FOUR INVESTORS SHARE WHAT IT TAKES TO TURN A COMPANY
INTO A MARKET LEADER
areas of expertise:
Banking and financial institutions, small business management, entrepreneurship and risk management
- Recent research looks at how firms — especially small firms — are financed, as well as risk management and the role of debt markets in funding investments.
- Served on the editorial board of The Journal of Finance, Financial Management, and the Journal of Financial Intermediation, and as a research associate with the National Bureau of Economic Research (NBER).
you’re looking for a playbook for creating value through acquisitions, you can stop now: It doesn’t exist.
There is no formula, equation or model that works perfectly,” says Mitchell Petersen, the Glen Vasel Professor of Finance at Kellogg and director of the Heizer Center for Private Equity and Venture Capital. “There’s always something that hits you out of left field.”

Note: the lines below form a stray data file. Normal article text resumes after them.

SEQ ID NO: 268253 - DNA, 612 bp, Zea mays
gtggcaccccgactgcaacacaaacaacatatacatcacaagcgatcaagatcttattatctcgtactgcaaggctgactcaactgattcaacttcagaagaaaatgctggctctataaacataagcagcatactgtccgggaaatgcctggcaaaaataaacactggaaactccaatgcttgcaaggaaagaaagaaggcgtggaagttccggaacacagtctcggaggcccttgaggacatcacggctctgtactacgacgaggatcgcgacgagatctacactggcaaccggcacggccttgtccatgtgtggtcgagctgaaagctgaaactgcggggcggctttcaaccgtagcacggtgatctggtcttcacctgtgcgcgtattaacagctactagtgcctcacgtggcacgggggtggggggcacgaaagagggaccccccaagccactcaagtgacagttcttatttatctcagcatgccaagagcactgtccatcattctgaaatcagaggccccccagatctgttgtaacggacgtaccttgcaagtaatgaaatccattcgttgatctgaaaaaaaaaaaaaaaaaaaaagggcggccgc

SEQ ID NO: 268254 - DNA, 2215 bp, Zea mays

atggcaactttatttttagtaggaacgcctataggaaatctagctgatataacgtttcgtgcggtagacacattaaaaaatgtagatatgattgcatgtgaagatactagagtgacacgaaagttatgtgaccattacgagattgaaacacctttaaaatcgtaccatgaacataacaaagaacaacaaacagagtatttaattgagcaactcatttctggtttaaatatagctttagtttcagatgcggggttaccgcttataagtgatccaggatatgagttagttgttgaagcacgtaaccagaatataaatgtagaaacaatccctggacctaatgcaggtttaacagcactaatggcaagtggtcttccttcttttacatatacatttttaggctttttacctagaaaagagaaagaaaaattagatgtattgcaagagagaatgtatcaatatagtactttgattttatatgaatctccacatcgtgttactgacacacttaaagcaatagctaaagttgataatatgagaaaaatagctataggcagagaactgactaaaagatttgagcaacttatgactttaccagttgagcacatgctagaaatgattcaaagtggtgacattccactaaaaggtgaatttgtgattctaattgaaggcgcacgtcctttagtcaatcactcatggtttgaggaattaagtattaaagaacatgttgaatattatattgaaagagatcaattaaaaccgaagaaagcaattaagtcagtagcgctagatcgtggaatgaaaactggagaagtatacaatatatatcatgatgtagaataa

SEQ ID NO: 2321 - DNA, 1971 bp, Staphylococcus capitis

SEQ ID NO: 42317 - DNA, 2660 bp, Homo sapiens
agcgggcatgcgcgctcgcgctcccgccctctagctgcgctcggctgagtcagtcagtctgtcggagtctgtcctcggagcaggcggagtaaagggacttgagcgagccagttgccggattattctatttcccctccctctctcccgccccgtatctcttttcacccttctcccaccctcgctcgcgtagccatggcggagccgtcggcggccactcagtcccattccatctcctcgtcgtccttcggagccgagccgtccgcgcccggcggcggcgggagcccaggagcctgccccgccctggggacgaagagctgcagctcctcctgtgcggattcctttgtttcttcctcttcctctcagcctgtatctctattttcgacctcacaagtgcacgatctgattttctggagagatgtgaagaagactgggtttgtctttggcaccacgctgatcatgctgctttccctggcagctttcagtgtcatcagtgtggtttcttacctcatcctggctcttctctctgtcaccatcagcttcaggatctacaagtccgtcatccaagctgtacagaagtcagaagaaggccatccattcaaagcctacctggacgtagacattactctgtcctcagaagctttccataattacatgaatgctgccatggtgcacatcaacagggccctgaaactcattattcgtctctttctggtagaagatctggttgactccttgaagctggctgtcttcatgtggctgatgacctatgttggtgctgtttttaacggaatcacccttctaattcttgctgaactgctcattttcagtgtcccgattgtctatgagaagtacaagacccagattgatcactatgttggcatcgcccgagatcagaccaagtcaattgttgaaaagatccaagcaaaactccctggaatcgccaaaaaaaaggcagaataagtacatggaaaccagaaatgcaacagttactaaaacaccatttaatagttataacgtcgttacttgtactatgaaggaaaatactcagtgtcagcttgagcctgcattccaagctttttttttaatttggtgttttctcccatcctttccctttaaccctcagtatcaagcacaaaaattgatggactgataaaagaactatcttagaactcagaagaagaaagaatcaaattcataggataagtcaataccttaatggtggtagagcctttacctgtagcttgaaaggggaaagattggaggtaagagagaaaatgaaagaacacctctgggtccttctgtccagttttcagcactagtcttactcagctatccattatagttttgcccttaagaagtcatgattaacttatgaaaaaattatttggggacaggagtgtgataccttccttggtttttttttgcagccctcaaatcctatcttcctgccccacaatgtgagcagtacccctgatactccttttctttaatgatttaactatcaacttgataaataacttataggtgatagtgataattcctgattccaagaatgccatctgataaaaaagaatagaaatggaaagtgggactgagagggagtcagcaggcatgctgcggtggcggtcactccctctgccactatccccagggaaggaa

The ambiguity and uncertainty that’s inherent to this process is a challenge in and of itself. But for investors who buy companies, the larger challenge is knowing when, where and how to make changes to a company that will generate the most value. These are not just financial decisions, but choices that impact everything from operations and strategy to marketing and human resources.
Four Kellogg alumni — three from private equity firms and one from a holding company — share how they’ve navigated this nebulous path and turned companies into market leaders. While their style as investors varies, each possesses a trait that Kellogg develops in its students: grit.
“If you get into this business and you cave at the first thing that goes wrong, you’ll never make it,” explains Petersen. “It’s that resistance and persistence that matters.”
NEXT: Patience is a virture »